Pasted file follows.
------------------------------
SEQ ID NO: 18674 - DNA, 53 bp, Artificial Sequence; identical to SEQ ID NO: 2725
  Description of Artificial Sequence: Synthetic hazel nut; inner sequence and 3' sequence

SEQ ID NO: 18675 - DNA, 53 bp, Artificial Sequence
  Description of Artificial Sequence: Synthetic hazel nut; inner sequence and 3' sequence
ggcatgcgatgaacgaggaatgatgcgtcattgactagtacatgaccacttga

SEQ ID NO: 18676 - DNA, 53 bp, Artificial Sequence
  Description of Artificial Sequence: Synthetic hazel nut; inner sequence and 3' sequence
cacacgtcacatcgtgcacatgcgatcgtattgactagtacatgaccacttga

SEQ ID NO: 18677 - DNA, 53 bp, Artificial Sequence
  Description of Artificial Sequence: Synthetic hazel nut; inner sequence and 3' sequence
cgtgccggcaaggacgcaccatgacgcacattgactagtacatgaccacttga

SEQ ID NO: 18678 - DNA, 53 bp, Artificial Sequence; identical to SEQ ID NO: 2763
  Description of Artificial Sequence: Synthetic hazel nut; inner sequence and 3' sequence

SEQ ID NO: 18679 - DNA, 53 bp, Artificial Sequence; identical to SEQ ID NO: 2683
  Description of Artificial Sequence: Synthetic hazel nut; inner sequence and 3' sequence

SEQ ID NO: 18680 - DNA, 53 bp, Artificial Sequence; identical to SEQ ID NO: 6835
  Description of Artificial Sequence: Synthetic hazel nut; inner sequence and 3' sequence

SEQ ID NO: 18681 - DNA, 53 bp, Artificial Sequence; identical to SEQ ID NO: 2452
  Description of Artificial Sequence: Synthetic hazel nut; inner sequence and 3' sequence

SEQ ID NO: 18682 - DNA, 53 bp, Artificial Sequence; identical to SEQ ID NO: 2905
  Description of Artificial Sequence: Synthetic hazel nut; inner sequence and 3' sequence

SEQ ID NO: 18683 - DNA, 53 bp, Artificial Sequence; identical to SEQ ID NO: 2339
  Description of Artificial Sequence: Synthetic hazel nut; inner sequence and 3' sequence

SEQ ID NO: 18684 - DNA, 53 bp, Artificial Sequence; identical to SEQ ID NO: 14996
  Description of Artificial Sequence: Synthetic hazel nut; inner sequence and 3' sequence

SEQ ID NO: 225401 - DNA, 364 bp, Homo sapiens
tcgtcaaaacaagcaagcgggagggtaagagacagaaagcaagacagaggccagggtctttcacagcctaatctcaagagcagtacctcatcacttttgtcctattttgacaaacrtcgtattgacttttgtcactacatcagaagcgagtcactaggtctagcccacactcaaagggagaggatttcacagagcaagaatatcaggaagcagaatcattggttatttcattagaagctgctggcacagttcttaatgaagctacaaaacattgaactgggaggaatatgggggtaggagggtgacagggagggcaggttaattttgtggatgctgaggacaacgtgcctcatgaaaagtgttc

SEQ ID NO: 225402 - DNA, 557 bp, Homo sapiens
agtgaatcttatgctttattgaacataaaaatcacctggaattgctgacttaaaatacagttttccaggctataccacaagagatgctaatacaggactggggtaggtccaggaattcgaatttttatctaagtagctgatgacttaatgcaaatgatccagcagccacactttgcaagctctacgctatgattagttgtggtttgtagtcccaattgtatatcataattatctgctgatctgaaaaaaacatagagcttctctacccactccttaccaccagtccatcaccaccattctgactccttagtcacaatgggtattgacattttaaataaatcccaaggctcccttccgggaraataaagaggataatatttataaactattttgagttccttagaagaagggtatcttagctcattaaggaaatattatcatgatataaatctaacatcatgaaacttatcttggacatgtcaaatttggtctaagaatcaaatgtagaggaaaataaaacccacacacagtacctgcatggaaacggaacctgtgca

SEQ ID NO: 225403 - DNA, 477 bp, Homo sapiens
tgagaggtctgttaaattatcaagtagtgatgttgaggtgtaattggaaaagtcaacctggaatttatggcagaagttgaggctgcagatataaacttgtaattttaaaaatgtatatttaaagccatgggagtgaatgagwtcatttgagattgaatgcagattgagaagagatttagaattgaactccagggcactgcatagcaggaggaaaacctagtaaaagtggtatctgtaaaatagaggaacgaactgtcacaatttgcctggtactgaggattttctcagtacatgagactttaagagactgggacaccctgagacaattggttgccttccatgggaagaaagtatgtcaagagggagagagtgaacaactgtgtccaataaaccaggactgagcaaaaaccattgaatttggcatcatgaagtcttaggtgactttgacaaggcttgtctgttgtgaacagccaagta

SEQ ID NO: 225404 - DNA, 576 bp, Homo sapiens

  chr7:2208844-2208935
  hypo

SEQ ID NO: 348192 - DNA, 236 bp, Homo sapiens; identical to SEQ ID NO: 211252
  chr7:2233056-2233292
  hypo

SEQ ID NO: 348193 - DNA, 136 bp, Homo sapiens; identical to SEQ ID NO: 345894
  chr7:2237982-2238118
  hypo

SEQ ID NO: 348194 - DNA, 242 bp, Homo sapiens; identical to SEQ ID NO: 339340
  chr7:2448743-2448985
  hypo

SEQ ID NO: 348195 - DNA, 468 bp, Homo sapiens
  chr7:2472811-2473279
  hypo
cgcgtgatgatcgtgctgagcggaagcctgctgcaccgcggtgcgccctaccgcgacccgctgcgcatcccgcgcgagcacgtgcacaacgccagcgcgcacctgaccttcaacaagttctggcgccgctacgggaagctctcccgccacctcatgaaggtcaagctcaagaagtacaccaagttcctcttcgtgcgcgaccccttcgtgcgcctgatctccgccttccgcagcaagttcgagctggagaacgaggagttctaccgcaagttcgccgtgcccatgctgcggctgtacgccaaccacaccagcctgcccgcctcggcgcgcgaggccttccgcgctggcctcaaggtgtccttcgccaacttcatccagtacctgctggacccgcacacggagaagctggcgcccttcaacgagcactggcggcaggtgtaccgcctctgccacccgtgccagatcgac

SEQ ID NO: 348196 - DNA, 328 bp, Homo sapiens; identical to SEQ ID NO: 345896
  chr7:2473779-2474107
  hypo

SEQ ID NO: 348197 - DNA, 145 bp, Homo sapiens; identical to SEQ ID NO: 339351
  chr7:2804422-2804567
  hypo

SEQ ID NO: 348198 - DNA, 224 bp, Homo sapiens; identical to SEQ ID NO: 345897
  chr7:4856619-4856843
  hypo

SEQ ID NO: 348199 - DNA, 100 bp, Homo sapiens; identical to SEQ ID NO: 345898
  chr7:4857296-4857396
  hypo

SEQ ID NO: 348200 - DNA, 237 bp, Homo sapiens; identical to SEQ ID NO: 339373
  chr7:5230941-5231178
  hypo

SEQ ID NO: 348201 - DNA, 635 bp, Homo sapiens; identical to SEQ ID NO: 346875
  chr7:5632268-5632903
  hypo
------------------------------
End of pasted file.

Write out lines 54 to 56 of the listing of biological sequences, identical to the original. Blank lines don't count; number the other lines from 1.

SEQ ID NO: 348198 - DNA, 224 bp, Homo sapiens; identical to SEQ ID NO: 345897
  chr7:4856619-4856843
  hypo